/nilsjohan
 
     

Piano News on Instagram

Although there is a tremendous activity of piano playing going on, the world could indeed benefit from even more! If you agree, help us promoting the art of piano music and piano playing by liking, sharing and commenting on our posts from the website or social media.

NEW! Follow @pianostreet_com on Instagram for daily updates of what’s on in the piano world!

On Piano Street’s Instagram you find a mix of piano news and other inspiring content. Do not miss out, follow us now!

And, if you are not yet one of our 25K followers on Facebook, you are welcome to join the crowd of piano fans here:
facebook.com/pianostreet


/nilsjohan
 
     

LIVE STREAM: Beethoven with Barenboim and Berliner Philharmoniker

Daniel Barenboim joins the Berliner Philharmoniker for three performances of Beethoven’s Piano Concerto No. 3 in C minor, led by chief conductor Kirill Petrenko. We are immensely happy about our continuous collaboration with Berliner Philharmoniker’s Digital Concert Hall which enables us to invite our members to the live streaming of the January 11 performance in Berliner Philharmonie.

A long-time and renowned interpreter of Beethoven’s works, Barenboim performs as the soloist for this dark and dramatic concerto which marks the start of the Beethoven 250 year 2020. The program also includes Josef Suk’s expressive symphony “Asrael”.

Free tickets for Piano Street’s members

Thanks to a continuous collaboration with the Berliner Philharmoniker Digital Concert Hall, all Piano Street members enjoy free access for 48 hours to the Digital Concert Hall. Log in to your Piano Street account to get your free voucher code which gives you instant access to the Digital Concert Hall. Take the opportunity to hear a live concert with Barenboim, Petrenko and Berliner Philharmoniker on Saturday 11 January 2020 and to access all concerts in the archive for 48 hours!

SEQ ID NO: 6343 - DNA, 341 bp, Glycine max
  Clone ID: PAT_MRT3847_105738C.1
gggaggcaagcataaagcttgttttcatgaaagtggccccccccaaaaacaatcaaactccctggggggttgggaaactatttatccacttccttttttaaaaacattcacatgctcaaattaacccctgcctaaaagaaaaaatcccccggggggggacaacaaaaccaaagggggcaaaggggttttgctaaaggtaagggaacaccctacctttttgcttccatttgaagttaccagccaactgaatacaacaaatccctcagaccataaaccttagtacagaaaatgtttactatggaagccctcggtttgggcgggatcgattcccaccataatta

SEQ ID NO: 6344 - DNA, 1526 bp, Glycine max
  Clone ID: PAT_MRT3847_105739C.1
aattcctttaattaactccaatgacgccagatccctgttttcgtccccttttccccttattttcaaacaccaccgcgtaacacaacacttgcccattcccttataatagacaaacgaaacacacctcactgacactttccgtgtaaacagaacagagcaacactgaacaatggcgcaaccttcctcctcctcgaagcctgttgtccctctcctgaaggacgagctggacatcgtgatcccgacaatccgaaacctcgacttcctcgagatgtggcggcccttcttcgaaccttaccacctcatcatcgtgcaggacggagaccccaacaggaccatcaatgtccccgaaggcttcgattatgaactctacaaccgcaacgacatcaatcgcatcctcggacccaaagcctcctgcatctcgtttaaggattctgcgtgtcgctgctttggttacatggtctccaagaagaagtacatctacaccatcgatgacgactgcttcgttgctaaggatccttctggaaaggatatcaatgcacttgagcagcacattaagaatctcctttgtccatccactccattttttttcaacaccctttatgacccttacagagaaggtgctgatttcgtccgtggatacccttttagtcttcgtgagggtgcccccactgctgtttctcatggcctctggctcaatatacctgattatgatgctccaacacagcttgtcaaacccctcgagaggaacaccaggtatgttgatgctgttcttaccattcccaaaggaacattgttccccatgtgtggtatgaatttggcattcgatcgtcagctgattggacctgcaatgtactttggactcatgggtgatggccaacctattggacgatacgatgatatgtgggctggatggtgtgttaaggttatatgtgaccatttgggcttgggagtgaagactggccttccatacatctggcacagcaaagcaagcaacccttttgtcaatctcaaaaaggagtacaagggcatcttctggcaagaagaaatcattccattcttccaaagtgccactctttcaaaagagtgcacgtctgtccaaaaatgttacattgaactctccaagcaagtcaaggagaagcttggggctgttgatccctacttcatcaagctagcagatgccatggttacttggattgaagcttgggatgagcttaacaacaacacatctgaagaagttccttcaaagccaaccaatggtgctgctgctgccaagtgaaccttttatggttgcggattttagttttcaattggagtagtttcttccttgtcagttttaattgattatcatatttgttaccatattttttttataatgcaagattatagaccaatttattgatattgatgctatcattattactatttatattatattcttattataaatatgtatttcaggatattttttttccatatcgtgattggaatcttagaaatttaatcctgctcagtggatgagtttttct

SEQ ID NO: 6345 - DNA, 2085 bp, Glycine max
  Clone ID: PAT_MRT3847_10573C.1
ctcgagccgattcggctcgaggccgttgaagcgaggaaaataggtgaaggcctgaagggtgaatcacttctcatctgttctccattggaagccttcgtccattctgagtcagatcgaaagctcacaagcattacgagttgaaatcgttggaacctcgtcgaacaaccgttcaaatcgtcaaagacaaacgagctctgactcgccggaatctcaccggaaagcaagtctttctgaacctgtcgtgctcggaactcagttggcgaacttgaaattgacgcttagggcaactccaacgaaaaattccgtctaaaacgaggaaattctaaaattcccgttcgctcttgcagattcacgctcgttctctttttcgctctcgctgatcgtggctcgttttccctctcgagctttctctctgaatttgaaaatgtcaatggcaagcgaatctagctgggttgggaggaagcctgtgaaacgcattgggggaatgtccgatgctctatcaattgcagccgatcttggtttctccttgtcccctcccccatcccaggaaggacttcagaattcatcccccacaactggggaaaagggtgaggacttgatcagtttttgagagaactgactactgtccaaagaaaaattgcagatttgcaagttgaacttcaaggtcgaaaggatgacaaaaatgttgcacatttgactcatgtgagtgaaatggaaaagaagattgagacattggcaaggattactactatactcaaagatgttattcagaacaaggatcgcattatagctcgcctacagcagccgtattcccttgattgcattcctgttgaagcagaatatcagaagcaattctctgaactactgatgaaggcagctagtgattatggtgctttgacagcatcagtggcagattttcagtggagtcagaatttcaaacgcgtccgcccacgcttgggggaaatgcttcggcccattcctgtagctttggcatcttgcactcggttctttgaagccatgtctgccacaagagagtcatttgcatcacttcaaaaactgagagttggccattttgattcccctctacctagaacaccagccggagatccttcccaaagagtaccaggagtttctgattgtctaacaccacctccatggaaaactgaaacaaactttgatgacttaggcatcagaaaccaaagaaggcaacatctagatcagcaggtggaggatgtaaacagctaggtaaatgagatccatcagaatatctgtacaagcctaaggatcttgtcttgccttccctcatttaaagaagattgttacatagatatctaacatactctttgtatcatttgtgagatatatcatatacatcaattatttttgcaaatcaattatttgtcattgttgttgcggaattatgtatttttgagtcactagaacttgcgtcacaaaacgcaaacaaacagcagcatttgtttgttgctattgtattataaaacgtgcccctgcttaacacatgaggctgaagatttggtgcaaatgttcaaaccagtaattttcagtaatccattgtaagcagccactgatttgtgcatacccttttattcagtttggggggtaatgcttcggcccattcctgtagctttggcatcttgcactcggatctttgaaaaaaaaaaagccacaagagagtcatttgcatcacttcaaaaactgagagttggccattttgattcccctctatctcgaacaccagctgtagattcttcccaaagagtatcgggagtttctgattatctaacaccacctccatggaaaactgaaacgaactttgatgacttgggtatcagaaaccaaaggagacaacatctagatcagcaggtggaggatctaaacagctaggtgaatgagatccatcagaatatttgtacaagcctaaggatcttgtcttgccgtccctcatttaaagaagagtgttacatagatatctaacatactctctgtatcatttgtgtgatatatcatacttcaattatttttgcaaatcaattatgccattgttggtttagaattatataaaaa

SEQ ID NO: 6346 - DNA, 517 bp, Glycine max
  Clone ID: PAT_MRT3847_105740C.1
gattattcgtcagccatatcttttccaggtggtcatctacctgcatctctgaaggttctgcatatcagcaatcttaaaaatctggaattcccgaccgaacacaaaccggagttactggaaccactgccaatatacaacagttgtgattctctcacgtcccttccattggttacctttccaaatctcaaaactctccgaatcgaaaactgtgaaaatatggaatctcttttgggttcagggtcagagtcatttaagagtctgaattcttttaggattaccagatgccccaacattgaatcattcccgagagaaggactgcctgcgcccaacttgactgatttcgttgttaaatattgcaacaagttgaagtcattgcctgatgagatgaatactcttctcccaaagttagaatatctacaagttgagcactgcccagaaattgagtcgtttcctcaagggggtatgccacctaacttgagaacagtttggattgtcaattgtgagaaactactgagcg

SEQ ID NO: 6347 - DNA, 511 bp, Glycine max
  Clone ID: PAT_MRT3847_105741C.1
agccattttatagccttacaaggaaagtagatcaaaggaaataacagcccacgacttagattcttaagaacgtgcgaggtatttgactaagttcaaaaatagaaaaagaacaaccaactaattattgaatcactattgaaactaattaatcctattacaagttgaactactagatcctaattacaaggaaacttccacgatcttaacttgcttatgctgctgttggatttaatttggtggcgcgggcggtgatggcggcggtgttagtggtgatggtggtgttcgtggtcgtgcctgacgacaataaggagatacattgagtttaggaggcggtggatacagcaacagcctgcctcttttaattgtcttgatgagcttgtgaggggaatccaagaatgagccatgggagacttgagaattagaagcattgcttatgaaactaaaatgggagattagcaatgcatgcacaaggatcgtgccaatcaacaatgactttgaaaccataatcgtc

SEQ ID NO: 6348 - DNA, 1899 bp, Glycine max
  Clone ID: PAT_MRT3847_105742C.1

No Piano Street account? Sign up here to get your live stream ticket!

Members: Get your free 48 hours ticket! >>

LIVESTREAM: Saturday 11 January, 18.00 (UTC/GMT)

Program:
Ludwig van Beethoven: Concerto for Piano and Orchestra No. 3 in C minor, op. 37
Daniel Barenboim piano

Josef Suk: Symphony in C minor, op. 27 “Asrael”

In his Third Piano Concerto, Beethoven knew how to triumphally stage the pianist (himself, that is). After 111 orchestral bars, the piano begins with what could be called an imperious demonstration of power, as the soloist spans the whole keyboard in three run-ups, then practically gouges the main theme into the keys, forte and unisono: a show of manual strength with piled-up octaves, followed at once, admittedly, by an introspective piano reflection. The playful dialogue of Baroque concertizing is transformed here into existential seriousness: a matter of self-assertion and of unyielding subjectivity. Kirill Petrenko programmed this third Beethoven concerto with Daniel Barenboim as the soloist. His playing is characterised by a profound understanding of the score, a concentrated kind of music making that always remains open for the orchestra’s developments.


/patrick